Andrea Mastrovito 

I got the idea of these “gardens of books” in a two years ago evening, while I was arranging the studio. Zizi, my fraternal brother, came to ask me to make, at once, necessarily, a little work for a girl he had to seduce, a dancer. So, after an ungentle discussion, to make it fast, I decided to take one of the Degas’ books I had on my shelves. I open the book on a riproduction of two ballerinas and I cut them on three of their four sides, letting them attacked to the page by their feet. Once they were bent perpendicular to the page, seen from the side, they seem actually dancing on the book. Zizi grabbed the volum, he gave it to the dancer, and thanks to the power of Art, they are now living together in a nice house next to the Serio river. Reaching the Enciclopedia dei fiori da giardino was an easy step from there: I noticed the naturalness and the immediacy of that work, but I needed something to give it strenght and verity. So I thought of flowers: strenght, because from the flower arises the fruit, from the fruit the tree, from the tree the paper and from the paper the book, that in my work was coming back as a flower, closing the circle going back to the starting point of the cycle. Verity because flowers on handbooks are usually in 1:1 scale, in their real dimensions, thus likely to see. In Casa Testori I show this flowerbed reproducing the exact shape of the trompe l’oeil painted on the ceiling above, becoming itslef a trompe l’oeil. Specular to the fresco also in the placement of the doves between flowers, the flowerbed find its raison d’être in its central heart, represented by the “pampurzini”, the cyclamens, the flowers that Giovanni Testori used to prefer, he that, after a heavy nervous breakdown, painted them in a famous ten-small-paintings cycle that he gave to his familiy, as a gratitude sign for having been next to him during that desease.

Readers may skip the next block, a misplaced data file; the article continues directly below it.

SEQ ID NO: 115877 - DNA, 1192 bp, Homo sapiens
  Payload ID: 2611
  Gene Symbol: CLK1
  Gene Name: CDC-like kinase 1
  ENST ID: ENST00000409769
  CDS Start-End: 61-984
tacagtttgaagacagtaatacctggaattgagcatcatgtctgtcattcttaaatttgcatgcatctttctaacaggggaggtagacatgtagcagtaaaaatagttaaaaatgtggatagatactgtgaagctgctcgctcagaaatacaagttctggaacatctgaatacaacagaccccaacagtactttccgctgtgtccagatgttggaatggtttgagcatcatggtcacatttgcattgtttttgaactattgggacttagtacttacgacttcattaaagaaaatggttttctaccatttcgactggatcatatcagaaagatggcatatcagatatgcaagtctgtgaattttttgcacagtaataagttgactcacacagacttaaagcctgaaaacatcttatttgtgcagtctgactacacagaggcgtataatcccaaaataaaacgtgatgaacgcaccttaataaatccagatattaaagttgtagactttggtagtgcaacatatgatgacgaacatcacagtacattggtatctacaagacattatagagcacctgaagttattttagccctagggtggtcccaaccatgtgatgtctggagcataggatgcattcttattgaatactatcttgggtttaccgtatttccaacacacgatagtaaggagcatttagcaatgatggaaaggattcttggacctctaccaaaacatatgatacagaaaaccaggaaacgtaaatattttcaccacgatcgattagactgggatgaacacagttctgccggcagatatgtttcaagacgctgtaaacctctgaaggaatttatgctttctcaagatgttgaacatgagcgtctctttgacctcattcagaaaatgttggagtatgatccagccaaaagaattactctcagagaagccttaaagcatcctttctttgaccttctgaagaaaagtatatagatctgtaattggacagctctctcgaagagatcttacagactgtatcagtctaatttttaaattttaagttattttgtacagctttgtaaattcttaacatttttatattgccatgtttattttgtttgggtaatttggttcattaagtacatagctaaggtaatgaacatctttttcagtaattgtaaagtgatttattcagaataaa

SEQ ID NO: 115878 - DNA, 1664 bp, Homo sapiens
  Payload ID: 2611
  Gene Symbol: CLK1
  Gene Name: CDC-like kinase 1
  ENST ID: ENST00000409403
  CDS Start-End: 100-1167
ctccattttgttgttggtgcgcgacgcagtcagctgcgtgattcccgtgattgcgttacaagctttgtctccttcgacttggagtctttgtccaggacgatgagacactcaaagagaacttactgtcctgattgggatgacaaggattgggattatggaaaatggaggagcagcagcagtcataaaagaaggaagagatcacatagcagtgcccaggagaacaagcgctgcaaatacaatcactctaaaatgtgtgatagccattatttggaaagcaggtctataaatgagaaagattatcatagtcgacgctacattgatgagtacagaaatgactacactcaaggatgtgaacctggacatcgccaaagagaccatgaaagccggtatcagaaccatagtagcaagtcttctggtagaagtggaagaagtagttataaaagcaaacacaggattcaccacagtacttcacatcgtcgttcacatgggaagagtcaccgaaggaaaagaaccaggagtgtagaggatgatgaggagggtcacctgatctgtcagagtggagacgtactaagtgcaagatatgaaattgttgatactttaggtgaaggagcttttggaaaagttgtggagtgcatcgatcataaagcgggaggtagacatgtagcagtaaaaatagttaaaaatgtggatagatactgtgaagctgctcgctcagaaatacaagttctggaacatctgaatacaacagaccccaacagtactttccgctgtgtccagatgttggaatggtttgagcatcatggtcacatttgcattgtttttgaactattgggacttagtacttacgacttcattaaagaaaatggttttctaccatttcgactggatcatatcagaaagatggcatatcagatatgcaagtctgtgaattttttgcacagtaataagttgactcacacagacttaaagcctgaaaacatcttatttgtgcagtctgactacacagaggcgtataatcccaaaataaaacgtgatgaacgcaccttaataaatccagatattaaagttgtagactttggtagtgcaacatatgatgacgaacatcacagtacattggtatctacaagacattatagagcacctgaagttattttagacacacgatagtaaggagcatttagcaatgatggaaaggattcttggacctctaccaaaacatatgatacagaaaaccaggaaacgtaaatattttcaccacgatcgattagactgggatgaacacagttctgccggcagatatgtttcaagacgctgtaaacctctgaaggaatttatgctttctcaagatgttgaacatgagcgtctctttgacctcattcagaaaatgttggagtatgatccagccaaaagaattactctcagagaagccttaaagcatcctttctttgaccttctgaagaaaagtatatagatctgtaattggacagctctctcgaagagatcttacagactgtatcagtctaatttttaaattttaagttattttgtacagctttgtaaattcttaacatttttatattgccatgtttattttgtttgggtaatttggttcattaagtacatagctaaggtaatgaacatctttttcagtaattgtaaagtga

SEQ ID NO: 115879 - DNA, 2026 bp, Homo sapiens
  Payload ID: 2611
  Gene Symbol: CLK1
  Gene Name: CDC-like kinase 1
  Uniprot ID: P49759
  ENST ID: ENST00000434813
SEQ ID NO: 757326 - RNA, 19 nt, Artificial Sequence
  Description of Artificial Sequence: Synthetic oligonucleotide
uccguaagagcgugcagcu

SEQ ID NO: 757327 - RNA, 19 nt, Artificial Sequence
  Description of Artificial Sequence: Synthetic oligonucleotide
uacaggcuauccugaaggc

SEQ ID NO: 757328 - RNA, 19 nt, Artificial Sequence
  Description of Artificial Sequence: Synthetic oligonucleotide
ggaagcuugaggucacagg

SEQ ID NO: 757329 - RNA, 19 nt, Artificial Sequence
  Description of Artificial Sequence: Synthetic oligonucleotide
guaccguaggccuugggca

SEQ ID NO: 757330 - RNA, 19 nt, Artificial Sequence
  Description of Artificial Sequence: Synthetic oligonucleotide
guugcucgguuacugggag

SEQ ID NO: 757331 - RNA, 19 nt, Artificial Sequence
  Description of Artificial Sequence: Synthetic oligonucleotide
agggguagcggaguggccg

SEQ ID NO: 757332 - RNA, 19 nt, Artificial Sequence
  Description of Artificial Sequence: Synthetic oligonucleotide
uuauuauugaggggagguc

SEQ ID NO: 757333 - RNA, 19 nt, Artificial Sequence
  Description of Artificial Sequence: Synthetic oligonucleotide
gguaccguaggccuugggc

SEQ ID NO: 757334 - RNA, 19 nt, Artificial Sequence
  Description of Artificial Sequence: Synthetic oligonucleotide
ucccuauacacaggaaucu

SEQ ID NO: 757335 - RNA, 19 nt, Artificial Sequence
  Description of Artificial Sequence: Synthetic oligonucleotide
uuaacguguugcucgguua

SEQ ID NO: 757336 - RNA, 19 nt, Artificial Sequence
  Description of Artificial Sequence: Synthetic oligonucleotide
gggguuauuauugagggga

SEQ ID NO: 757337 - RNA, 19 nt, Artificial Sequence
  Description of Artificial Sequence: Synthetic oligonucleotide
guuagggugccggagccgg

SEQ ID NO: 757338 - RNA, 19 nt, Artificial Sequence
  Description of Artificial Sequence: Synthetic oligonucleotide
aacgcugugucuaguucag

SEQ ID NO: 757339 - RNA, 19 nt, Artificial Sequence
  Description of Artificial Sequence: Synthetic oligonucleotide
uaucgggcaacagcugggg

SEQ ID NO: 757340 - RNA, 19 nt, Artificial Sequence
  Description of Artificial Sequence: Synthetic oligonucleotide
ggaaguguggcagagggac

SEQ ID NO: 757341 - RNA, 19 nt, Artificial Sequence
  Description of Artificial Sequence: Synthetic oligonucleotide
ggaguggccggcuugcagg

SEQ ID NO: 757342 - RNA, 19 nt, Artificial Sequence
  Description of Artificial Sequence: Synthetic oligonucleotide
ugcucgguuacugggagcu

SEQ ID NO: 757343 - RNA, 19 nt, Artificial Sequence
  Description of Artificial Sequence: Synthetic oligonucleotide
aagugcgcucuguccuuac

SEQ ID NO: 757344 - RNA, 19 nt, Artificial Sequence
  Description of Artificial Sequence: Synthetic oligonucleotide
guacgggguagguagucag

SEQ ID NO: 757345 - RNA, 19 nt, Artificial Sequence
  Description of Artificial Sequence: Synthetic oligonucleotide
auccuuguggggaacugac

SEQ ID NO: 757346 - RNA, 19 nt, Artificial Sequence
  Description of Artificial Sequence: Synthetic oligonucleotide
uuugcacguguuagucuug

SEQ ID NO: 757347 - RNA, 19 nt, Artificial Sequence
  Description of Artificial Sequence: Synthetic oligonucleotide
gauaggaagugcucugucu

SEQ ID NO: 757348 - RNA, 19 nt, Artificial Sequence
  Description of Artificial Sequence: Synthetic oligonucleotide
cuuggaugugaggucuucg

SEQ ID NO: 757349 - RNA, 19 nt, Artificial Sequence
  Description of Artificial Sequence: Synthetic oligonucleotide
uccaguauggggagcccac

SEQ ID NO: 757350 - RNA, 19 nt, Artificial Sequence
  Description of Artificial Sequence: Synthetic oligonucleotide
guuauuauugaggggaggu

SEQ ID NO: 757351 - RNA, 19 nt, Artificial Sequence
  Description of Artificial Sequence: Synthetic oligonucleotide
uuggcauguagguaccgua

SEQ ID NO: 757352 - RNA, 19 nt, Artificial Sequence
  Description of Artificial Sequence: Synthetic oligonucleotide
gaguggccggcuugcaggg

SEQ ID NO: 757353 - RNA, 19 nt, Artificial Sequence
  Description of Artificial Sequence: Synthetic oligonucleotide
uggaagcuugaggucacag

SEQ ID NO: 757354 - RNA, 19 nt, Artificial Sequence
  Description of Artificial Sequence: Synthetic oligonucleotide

Posted on: 12 November 2021, by : Alessandro Ulleri